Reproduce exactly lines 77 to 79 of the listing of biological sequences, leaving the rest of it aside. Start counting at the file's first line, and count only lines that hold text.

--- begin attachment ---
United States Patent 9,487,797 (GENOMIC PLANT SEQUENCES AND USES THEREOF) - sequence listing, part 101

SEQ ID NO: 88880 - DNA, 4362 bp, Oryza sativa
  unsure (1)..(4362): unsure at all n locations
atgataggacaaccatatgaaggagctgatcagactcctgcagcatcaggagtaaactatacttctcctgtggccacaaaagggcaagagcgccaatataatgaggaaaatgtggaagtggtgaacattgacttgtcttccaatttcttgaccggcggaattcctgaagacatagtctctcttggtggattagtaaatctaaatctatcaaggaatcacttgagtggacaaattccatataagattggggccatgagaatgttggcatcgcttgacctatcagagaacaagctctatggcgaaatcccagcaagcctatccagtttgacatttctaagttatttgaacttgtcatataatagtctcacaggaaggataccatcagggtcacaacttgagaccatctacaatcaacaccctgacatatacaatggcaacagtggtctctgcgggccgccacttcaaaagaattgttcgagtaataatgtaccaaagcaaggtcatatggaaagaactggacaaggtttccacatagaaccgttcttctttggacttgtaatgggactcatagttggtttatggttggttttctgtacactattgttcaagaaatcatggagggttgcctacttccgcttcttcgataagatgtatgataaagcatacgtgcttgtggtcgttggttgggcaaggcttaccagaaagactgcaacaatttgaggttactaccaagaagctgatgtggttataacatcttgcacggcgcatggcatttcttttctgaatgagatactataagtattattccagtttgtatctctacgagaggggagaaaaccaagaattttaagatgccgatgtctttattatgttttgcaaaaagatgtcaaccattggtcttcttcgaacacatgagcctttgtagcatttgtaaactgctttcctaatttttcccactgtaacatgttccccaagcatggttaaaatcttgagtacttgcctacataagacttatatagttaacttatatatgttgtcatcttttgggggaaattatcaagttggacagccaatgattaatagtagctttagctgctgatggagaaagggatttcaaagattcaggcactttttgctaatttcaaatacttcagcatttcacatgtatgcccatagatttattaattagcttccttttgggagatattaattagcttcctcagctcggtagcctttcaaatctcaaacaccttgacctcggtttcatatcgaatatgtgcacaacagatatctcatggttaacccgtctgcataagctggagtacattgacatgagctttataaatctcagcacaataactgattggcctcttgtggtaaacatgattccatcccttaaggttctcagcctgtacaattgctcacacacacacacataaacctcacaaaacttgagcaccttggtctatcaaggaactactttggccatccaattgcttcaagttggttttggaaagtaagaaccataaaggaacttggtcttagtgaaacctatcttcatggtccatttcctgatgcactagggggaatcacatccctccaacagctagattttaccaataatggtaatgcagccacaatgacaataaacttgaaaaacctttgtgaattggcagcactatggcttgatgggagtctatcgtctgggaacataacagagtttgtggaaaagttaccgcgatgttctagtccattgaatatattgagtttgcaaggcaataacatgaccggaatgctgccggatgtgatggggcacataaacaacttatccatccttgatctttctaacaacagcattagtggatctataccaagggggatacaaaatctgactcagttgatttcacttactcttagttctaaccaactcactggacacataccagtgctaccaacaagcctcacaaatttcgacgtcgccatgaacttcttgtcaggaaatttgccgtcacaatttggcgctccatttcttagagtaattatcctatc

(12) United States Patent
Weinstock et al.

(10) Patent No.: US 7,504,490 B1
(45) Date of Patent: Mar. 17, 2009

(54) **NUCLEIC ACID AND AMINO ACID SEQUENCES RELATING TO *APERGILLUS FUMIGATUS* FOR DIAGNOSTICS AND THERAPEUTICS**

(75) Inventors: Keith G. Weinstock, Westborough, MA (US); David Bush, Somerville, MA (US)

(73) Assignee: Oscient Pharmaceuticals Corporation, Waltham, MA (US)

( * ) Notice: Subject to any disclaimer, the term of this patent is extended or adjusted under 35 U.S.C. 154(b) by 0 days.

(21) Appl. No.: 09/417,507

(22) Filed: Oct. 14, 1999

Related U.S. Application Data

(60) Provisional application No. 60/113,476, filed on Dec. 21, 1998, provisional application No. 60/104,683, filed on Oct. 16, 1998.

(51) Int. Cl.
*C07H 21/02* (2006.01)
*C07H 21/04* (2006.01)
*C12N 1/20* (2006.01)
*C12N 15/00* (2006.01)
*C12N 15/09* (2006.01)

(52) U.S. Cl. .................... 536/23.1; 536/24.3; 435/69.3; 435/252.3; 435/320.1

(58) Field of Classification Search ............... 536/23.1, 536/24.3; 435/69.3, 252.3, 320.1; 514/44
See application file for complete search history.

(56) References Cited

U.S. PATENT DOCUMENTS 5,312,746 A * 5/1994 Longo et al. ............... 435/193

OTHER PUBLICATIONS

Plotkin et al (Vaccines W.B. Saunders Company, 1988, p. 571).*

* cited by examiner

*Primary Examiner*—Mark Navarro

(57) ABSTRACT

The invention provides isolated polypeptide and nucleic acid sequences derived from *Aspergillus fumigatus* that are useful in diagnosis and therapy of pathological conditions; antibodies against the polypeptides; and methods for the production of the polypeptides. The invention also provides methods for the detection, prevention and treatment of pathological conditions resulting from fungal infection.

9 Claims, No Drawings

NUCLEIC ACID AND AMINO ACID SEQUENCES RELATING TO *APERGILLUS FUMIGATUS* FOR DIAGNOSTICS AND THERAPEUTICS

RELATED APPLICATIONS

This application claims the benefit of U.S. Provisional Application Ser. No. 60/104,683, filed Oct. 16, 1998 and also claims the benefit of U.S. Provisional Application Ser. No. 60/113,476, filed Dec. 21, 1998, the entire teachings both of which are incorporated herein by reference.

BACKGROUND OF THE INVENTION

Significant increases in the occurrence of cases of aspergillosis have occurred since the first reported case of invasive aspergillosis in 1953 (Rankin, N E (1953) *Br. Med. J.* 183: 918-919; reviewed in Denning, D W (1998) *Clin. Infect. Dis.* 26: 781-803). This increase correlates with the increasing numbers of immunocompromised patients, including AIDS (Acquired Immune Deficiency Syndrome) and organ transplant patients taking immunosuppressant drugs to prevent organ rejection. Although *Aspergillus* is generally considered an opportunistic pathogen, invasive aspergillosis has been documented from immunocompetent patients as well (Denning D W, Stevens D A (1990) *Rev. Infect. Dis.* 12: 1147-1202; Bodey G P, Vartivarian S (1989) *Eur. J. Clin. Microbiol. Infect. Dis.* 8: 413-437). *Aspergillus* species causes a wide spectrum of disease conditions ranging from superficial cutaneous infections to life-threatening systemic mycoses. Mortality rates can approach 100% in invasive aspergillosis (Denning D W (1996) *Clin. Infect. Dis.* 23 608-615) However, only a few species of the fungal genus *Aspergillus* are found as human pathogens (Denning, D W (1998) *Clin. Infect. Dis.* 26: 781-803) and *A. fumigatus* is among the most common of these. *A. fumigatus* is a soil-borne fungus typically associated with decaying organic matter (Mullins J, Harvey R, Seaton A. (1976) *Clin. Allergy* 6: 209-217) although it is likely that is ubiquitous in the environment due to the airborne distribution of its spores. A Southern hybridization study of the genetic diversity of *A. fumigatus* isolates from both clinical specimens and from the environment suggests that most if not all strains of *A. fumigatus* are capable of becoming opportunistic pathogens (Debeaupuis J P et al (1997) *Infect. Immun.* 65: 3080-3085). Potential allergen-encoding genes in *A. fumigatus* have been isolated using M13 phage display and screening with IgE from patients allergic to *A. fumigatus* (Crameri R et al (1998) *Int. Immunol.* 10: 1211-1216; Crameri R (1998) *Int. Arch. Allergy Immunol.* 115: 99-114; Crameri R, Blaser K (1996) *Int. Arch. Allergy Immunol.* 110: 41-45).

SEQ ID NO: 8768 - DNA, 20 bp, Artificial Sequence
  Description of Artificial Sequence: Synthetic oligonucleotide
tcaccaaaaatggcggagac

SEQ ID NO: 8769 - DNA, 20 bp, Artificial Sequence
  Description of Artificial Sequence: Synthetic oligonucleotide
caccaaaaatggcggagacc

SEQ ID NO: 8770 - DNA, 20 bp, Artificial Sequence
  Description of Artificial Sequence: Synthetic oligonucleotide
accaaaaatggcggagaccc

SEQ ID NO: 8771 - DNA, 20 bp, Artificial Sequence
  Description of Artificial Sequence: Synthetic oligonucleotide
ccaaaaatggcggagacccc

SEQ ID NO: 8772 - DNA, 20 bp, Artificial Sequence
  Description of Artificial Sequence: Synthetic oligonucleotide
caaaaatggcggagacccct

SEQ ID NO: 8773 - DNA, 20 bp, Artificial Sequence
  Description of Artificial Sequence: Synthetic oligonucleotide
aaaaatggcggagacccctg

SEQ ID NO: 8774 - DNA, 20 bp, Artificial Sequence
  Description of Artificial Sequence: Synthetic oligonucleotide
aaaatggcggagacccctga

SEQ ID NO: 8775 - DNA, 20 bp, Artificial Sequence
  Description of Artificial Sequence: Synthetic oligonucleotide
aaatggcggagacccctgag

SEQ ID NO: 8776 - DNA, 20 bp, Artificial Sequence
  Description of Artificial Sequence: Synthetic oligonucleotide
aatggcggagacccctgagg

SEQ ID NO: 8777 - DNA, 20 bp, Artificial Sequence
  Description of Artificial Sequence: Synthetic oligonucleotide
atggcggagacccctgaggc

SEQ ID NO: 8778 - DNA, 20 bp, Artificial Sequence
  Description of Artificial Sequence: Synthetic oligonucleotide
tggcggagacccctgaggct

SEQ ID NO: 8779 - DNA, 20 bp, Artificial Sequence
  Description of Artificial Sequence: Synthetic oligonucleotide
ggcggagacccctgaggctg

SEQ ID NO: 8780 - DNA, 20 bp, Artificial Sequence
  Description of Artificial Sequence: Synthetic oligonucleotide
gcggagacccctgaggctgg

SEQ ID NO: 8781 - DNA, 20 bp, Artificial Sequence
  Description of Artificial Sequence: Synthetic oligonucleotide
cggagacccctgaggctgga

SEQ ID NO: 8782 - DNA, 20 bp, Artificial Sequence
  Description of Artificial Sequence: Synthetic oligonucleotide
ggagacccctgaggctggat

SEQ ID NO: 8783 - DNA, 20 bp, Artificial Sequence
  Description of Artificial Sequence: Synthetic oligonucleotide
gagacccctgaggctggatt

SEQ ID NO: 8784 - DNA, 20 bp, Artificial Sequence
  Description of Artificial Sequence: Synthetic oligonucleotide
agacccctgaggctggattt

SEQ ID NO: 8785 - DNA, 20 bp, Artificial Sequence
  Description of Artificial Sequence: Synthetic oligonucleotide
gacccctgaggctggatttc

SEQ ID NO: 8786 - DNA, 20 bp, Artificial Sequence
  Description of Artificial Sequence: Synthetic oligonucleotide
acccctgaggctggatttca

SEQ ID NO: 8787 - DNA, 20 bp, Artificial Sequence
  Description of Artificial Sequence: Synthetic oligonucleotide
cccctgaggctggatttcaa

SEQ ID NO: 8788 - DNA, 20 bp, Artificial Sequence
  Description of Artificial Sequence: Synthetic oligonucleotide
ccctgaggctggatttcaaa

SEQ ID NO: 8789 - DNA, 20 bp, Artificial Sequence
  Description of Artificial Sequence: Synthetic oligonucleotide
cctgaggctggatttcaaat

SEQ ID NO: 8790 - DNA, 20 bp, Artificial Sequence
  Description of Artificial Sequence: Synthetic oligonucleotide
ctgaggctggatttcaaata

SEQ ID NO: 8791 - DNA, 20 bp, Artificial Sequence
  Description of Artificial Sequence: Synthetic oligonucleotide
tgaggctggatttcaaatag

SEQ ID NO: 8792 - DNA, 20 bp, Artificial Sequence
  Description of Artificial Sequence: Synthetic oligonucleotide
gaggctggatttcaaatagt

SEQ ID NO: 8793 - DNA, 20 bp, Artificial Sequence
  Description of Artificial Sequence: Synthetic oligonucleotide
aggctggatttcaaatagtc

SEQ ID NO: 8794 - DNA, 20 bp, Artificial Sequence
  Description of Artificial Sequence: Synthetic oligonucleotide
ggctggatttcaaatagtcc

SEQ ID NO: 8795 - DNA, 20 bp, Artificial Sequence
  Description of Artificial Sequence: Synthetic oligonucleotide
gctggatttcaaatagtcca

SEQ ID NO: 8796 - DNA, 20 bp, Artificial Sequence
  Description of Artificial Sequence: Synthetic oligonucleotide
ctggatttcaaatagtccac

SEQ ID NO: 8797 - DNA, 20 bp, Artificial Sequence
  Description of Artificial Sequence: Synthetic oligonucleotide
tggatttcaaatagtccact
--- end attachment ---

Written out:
  Description of Artificial Sequence: Synthetic oligonucleotide
gcggagacccctgaggctgg

SEQ ID NO: 8781 - DNA, 20 bp, Artificial Sequence